The Keeper of the Door eBook

Ethel May Dell
This eBook from the Gutenberg Project consists of approximately 484 pages of information about The Keeper of the Door.

He went back to Redlands over the cliffs, entering his own grounds by a low wire fence, and thence turning inwards towards the garden.  The sounds of gay voices reached him as he approached, and he speedily found himself caught in a lively ambush that consisted of Peggy, Reggie, and Noel.  He naturally fled for his life, but was overtaken by the latter and held down while the two accomplices rifled his pockets.  By the rules of the game all coppers found therein were confiscated, and this regulation having been duly observed, the prisoner was allowed to sit up and converse with his principal captor while the rest of the gang divided the spoils.

“Have a cigarette?” said Noel.

“Thanks!  Mighty generous of you!” Nick righted his tumbled attire and accepted the proffered weed.  “If it isn’t a rude question, what are you doing here?”

Noel’s eyes laughed across at him gaily through the blue spectacles.  “I should have thought you might have guessed that I’m spending a night or two with the Musgraves, but I am under a solemn oath to return to Max by noon on Friday in order to have another dose of some infernal stuff with which he is peppering my eyes.  He didn’t much want me to come away, as it meant postponing the torture for a few hours.  But I managed to get on the soft side of him for once, though he is holding himself in preparation for an immediate summons in case my vision should take advantage of my absence from him to play any nasty tricks.”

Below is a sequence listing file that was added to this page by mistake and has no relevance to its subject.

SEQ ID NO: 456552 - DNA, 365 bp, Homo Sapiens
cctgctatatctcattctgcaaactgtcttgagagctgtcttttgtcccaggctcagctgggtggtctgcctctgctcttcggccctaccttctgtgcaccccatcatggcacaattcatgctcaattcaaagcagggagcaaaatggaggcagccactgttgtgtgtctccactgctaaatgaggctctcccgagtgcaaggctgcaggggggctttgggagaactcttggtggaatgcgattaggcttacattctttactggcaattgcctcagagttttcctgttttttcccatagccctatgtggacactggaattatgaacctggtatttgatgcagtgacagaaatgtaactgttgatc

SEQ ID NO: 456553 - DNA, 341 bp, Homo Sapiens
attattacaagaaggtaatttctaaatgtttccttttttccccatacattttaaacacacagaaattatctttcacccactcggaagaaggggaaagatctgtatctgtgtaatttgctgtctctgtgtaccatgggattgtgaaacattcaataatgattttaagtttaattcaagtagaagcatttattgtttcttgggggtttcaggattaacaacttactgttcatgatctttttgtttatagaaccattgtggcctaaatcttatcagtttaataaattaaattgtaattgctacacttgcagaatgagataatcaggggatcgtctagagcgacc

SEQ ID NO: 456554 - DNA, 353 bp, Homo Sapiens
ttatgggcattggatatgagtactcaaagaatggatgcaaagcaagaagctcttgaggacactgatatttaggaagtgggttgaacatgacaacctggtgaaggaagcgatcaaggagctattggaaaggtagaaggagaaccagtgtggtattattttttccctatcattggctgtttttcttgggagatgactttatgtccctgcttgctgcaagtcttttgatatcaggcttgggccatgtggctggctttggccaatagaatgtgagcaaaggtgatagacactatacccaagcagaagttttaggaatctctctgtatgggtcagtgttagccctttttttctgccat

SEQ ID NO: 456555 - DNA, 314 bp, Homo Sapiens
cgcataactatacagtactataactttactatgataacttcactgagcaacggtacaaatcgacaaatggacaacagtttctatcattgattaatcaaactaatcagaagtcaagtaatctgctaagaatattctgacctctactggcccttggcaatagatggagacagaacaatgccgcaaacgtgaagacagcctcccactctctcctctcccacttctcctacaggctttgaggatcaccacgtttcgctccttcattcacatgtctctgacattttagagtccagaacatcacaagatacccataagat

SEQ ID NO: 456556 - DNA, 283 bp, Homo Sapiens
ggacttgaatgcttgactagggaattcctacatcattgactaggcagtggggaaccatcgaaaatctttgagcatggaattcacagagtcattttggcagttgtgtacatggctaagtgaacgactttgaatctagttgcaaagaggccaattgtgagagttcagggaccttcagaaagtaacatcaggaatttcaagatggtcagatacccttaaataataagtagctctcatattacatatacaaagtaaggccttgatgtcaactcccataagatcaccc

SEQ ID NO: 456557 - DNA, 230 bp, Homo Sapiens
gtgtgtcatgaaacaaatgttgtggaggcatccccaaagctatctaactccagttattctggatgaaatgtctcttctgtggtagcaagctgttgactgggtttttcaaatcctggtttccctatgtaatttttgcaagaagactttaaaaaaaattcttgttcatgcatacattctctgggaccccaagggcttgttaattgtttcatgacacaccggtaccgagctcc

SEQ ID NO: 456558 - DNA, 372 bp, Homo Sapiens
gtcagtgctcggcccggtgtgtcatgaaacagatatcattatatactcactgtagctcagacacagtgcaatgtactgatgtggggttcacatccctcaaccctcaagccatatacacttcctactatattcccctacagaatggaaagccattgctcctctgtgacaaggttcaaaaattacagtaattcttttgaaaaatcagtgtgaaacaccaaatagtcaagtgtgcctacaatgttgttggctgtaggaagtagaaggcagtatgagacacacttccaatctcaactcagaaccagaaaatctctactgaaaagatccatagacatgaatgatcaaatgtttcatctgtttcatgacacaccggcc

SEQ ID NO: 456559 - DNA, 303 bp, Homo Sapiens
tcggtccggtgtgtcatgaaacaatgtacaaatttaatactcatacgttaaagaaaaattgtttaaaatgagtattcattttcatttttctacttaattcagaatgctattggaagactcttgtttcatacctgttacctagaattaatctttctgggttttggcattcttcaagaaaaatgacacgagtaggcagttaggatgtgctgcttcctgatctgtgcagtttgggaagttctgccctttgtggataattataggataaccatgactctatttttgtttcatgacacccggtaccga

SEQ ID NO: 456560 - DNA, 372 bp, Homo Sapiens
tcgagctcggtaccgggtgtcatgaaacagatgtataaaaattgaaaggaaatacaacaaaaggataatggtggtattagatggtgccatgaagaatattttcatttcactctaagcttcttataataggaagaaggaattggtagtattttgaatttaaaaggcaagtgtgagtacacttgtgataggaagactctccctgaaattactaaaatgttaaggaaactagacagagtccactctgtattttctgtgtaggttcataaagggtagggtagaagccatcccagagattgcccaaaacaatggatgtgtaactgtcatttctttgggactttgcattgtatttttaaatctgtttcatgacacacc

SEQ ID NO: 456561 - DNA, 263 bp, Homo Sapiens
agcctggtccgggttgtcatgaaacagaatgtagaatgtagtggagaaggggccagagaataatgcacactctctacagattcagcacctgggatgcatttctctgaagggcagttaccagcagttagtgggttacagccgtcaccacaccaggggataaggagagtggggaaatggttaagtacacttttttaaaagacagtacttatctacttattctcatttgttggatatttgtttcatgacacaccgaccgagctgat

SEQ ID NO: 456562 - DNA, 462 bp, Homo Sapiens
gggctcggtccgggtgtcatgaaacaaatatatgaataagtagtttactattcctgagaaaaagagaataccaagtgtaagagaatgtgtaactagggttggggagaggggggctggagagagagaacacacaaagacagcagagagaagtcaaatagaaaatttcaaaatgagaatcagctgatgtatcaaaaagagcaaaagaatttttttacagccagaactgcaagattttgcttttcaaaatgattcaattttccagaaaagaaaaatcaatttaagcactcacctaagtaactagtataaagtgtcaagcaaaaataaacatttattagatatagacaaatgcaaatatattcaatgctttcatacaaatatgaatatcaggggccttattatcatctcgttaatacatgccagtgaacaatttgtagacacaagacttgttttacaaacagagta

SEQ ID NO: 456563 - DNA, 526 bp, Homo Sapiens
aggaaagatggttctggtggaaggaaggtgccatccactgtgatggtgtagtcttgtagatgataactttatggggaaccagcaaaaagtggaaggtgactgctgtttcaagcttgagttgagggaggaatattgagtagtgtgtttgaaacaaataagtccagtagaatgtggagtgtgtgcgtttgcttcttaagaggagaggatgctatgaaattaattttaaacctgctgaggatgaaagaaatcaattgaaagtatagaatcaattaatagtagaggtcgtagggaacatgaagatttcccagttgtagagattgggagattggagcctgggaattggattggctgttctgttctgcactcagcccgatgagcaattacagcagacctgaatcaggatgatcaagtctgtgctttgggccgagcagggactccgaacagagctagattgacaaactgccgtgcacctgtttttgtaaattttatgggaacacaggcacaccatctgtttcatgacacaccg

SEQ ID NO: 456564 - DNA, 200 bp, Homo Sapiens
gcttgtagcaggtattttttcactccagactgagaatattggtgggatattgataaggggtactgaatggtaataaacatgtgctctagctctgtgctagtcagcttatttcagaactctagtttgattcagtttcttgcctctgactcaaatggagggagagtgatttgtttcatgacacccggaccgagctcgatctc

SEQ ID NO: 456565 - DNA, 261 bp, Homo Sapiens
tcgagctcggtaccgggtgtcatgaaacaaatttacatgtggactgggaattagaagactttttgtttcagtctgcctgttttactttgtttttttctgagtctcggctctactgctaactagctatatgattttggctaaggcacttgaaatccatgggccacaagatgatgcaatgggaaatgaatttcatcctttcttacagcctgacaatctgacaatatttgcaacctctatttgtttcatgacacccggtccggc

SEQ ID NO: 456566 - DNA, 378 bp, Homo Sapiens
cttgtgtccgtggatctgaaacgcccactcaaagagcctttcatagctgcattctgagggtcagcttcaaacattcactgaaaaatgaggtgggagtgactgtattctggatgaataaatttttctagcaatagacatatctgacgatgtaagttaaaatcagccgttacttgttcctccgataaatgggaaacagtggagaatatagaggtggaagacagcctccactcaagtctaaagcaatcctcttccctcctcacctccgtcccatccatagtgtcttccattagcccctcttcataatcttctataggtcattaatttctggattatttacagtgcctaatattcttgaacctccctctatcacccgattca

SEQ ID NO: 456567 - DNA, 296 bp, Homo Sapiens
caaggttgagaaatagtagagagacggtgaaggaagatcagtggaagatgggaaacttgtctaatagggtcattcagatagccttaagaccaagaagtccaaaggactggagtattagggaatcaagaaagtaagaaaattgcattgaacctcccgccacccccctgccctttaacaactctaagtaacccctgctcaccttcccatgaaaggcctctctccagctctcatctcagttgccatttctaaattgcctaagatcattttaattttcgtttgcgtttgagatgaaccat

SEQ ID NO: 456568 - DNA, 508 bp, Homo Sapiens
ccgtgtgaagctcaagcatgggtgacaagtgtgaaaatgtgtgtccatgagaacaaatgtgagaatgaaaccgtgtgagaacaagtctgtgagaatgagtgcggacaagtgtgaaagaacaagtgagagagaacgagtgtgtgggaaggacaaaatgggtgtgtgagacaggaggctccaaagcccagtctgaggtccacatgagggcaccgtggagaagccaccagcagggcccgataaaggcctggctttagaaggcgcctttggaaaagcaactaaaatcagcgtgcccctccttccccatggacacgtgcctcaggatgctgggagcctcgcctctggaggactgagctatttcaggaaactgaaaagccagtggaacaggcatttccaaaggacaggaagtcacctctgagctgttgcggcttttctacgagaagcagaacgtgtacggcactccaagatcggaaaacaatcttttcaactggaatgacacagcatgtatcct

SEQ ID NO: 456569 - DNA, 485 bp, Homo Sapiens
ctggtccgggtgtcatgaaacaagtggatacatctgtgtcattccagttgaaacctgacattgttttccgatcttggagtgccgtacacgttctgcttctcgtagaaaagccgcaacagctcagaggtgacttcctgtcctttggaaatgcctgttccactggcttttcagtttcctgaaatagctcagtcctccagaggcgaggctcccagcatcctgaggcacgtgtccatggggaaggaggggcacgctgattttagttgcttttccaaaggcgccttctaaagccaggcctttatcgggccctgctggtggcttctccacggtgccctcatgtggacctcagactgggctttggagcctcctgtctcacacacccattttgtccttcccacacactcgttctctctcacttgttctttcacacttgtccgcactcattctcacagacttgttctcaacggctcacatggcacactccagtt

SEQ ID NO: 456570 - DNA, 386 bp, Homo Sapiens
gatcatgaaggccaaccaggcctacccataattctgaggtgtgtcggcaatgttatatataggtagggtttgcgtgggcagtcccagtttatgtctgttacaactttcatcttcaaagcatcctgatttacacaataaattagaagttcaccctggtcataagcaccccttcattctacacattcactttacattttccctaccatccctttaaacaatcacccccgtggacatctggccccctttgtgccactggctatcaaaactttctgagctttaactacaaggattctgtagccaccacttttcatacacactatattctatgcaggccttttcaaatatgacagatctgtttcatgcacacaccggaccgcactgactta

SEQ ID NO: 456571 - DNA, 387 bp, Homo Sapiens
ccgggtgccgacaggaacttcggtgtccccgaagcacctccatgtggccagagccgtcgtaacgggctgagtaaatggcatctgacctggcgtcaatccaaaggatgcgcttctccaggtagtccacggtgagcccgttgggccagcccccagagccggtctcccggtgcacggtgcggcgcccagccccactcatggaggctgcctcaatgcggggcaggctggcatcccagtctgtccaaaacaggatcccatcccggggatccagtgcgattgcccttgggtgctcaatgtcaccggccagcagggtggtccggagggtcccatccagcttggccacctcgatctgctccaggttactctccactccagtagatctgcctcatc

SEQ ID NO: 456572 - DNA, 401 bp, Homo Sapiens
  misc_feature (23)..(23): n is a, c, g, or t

“I see,” said Nick.  “And how is the vision?”

“Oh, all right, so far as it goes.  Gives me beans upon occasion, for which Max always swears at me as if it were my fault.  I’m not allowed to see by artificial light at all, so after sunset I join the bats.  Lucky for me the sun sits up late just now.  By the way, I had a positively gushing epistle from old Badgers this morning.  He seems almost hysterical at the thought of getting me back again; says that married or single, I’ve got to go.”  Noel stopped to take in a long breath of smoke; then, very abruptly, “Where’s Olga?” he demanded.

Nick nodded in the direction whence he had come.  “Down on the shore.”

Noel was on his feet in a second.  “All right.  You can be nurse for a bit now.  See you later!”

He would have swung away with the words, but Nick had also risen, and with a swift word he detained him.  “I say, Noel!”

Noel stopped.  “Hullo!”

“Look here!” said Nick rapidly.  “She isn’t wanting anyone just yet.  We have just been to the Priory, she and I—­in accordance with Sir Kersley’s advice, of which I told you.  She is having a quiet think.  Don’t disturb her!”

Noel stood still.  He had stiffened somewhat at the words, but there was no dismay discernible about him.  He faced that which had to be faced without flinching.

“You mean she knows?” he asked slowly.

“Yes,” said Nick.  “But I didn’t tell her.”

Copyrights
Project Gutenberg
The Keeper of the Door from Project Gutenberg. Public domain.
Follow Us on Facebook